In Syria, the United States is facing the Assad regime and ISIS, both harsh to the United States. There is a mixed bag of opposition groups, of various ideologies and competencies. The Russians and Turks, each have their own agenda. If Assad’s regime were destroyed, who would fill the vacuum? George Friedman writes: “At this point, a post-Assad Syria would result in even worse outcomes than leaving him alive. And if you doubt that, consider the fall of Gadhafi and Saddam. There will come a time when we will deal with Assad, but this is not the time”.
We need to stay awake to the dangerous happenings in the world at large. “But keep on the alert at all times,” said Jesus, “praying in order that you may have strength to escape all these things that are about to take place, and to stand before the Son of Man” (Luke 21:36, New American Standard Bible).
The Bible describes disciples as living in a state of expectancy, in a state of tension, between two worlds. We live in the present world, which we know will end, while we look for the world to come with the return of Christ. “So you also must be ready, because the Son of Man will come at an hour when you do not expect him” (Matthew 24:44).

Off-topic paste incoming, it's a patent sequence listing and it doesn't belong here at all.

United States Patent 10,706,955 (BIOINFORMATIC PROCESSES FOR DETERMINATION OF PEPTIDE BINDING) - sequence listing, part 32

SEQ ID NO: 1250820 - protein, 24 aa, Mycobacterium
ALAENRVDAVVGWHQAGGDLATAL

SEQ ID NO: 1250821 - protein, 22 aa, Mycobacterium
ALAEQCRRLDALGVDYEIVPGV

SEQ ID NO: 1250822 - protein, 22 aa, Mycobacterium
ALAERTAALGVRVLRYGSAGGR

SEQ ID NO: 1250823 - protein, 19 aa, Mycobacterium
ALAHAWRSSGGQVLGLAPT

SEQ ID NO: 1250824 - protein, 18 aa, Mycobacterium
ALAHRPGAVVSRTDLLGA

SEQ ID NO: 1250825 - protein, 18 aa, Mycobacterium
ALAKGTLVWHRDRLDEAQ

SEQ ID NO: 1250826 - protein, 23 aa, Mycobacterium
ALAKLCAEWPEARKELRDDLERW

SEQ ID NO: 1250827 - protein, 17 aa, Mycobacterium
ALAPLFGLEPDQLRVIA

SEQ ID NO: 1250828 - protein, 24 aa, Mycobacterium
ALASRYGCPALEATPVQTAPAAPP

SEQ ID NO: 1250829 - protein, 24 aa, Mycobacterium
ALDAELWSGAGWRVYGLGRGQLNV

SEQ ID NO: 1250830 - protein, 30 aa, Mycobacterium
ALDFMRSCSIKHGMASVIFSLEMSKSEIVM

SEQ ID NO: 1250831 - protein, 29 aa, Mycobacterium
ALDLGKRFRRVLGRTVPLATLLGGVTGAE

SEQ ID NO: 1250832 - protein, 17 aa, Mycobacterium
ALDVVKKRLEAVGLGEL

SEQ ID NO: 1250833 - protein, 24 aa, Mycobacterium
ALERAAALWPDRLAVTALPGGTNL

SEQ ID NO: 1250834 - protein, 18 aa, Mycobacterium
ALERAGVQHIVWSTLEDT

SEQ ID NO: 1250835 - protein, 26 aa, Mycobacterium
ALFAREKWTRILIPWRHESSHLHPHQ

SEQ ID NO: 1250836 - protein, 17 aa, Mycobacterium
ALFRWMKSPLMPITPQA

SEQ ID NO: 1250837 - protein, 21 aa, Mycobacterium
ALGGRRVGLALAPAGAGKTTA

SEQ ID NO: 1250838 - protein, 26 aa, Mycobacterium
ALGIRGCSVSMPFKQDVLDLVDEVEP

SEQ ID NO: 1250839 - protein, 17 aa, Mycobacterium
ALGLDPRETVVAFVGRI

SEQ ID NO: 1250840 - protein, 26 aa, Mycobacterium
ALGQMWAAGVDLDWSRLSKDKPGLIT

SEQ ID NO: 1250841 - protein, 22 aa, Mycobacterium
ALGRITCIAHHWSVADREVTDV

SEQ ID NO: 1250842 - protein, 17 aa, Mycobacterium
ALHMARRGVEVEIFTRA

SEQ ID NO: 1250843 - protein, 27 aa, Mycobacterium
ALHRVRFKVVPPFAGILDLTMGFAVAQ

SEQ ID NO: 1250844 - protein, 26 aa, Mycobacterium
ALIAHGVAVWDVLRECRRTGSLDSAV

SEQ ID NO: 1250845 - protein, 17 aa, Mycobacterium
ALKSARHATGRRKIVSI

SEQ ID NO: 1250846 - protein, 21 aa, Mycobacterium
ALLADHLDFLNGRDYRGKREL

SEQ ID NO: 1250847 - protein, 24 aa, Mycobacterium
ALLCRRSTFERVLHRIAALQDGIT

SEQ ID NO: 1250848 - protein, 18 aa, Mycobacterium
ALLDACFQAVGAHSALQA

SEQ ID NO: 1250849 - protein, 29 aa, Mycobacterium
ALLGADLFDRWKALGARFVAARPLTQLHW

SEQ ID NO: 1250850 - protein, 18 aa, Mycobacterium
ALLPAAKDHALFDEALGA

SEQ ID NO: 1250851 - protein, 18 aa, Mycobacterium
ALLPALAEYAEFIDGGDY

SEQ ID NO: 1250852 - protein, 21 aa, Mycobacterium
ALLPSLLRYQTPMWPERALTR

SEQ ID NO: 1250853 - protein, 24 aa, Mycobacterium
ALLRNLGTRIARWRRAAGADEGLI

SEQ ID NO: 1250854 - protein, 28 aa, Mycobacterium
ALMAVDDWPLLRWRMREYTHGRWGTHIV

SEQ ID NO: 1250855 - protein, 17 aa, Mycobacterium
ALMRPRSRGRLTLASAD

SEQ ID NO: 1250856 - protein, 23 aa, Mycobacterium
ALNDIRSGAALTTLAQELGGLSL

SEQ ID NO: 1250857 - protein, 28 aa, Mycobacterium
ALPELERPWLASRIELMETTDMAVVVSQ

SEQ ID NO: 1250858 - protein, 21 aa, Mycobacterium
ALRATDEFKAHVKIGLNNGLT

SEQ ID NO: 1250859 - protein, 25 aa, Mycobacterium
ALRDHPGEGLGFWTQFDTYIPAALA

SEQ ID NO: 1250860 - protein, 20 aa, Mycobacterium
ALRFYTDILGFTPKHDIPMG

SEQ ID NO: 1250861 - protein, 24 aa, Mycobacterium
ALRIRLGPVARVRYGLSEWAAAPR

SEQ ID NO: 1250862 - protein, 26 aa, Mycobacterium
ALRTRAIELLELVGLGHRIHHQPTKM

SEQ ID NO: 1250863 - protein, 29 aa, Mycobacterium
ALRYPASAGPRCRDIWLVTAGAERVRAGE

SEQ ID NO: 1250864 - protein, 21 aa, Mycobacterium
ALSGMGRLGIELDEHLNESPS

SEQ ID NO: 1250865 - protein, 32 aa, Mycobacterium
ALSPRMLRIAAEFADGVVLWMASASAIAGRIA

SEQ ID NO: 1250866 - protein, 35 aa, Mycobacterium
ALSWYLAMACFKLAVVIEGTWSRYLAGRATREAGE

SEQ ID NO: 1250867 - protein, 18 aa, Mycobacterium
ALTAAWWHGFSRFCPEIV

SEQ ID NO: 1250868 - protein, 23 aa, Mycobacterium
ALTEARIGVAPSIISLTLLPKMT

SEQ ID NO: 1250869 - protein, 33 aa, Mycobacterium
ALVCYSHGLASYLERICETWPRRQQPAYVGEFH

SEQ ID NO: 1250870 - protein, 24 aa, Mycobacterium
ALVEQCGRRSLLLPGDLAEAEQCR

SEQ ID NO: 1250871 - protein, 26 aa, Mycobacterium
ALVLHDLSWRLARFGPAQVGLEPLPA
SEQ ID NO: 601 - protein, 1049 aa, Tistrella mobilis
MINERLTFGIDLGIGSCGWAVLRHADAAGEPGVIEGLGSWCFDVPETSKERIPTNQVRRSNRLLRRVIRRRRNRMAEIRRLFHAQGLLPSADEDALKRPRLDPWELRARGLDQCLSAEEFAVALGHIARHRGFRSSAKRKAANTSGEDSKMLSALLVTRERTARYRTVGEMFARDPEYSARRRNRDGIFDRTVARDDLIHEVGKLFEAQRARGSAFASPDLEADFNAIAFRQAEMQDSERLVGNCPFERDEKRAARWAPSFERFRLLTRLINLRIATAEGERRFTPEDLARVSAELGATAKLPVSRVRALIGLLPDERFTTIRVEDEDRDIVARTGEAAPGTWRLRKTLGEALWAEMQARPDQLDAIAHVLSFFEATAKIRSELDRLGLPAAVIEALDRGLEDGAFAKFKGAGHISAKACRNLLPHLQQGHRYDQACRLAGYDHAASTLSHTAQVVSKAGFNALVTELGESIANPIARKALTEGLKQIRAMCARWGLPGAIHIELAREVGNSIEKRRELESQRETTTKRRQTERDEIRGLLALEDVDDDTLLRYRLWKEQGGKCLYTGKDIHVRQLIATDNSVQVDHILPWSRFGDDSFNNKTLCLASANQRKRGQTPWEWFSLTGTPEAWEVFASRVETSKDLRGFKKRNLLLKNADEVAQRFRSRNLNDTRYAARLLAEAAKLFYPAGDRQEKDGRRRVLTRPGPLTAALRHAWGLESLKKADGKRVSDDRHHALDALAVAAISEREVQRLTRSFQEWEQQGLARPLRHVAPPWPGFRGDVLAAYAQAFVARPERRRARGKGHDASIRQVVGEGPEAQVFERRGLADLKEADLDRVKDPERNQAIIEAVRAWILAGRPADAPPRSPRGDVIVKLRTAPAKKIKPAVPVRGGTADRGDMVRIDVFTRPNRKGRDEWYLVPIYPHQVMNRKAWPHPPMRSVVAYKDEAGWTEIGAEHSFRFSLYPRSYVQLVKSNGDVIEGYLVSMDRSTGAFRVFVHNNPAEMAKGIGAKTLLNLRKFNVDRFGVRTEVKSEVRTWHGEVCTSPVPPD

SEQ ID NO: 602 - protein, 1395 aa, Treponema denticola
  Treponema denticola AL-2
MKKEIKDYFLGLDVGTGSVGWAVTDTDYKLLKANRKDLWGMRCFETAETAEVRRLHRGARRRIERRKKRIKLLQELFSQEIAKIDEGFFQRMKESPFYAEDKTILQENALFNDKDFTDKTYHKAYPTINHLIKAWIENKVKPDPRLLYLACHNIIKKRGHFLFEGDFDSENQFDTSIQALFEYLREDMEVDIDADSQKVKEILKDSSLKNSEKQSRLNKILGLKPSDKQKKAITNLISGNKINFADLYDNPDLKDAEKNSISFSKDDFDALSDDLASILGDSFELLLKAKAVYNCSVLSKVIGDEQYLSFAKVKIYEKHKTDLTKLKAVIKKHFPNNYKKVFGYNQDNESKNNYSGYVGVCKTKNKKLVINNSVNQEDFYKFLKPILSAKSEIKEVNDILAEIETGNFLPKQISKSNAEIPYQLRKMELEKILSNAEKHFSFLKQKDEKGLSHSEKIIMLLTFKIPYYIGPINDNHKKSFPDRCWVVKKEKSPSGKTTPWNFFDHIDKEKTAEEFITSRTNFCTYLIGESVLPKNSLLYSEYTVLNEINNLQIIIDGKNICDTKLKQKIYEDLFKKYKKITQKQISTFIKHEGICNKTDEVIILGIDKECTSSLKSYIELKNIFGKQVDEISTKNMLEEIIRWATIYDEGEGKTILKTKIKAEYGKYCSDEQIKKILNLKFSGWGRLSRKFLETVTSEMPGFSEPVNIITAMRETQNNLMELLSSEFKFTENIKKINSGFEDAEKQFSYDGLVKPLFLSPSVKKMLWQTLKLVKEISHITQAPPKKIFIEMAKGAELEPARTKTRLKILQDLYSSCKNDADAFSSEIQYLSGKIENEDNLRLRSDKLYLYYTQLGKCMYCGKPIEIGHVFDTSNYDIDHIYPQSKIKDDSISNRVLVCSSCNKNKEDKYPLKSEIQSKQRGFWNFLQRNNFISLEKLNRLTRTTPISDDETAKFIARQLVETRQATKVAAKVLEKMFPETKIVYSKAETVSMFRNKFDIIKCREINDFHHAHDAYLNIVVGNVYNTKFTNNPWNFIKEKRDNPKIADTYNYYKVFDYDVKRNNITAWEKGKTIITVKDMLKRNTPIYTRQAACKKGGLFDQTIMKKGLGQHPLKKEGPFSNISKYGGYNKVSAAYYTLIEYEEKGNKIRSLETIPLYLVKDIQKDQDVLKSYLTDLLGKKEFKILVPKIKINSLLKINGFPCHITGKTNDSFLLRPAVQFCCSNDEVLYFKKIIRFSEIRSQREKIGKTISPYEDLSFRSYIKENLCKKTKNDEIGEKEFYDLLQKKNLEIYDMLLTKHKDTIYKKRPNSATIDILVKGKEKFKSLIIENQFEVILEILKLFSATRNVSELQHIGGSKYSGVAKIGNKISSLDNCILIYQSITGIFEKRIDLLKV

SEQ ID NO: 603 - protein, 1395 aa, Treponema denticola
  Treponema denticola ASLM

These are disturbing developments I continually monitor within the European setting. Economic distress, political battles, refugee issues and more will contribute to destabilizing Europe, this will eventually lead to the rise of a European dictator who will bring a short-lived degree of unity to Europe (this will occur eventually-not immediately). This is a short list (and by no means complete) of what I am watching now: